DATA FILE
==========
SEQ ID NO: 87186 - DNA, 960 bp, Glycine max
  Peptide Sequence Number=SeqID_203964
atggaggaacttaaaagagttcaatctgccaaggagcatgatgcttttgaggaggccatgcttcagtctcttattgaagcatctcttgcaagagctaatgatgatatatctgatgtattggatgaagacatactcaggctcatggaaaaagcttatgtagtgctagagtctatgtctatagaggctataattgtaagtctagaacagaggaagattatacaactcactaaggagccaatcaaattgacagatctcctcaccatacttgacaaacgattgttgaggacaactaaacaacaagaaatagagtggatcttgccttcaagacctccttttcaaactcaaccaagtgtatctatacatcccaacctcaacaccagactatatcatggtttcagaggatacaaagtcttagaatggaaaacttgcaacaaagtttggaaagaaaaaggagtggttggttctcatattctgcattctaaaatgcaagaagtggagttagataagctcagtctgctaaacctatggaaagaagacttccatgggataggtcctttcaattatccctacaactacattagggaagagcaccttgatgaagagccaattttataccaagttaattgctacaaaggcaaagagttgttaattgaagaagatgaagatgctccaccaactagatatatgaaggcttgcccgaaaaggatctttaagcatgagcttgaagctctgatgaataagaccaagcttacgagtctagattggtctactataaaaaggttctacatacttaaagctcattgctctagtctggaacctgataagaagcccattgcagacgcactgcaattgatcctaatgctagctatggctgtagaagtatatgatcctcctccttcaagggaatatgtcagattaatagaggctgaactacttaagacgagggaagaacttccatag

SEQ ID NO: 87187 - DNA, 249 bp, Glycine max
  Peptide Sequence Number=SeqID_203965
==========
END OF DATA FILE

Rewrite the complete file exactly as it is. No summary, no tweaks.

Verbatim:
SEQ ID NO: 87186 - DNA, 960 bp, Glycine max
  Peptide Sequence Number=SeqID_203964
atggaggaacttaaaagagttcaatctgccaaggagcatgatgcttttgaggaggccatgcttcagtctcttattgaagcatctcttgcaagagctaatgatgatatatctgatgtattggatgaagacatactcaggctcatggaaaaagcttatgtagtgctagagtctatgtctatagaggctataattgtaagtctagaacagaggaagattatacaactcactaaggagccaatcaaattgacagatctcctcaccatacttgacaaacgattgttgaggacaactaaacaacaagaaatagagtggatcttgccttcaagacctccttttcaaactcaaccaagtgtatctatacatcccaacctcaacaccagactatatcatggtttcagaggatacaaagtcttagaatggaaaacttgcaacaaagtttggaaagaaaaaggagtggttggttctcatattctgcattctaaaatgcaagaagtggagttagataagctcagtctgctaaacctatggaaagaagacttccatgggataggtcctttcaattatccctacaactacattagggaagagcaccttgatgaagagccaattttataccaagttaattgctacaaaggcaaagagttgttaattgaagaagatgaagatgctccaccaactagatatatgaaggcttgcccgaaaaggatctttaagcatgagcttgaagctctgatgaataagaccaagcttacgagtctagattggtctactataaaaaggttctacatacttaaagctcattgctctagtctggaacctgataagaagcccattgcagacgcactgcaattgatcctaatgctagctatggctgtagaagtatatgatcctcctccttcaagggaatatgtcagattaatagaggctgaactacttaagacgagggaagaacttccatag

SEQ ID NO: 87187 - DNA, 249 bp, Glycine max
  Peptide Sequence Number=SeqID_203965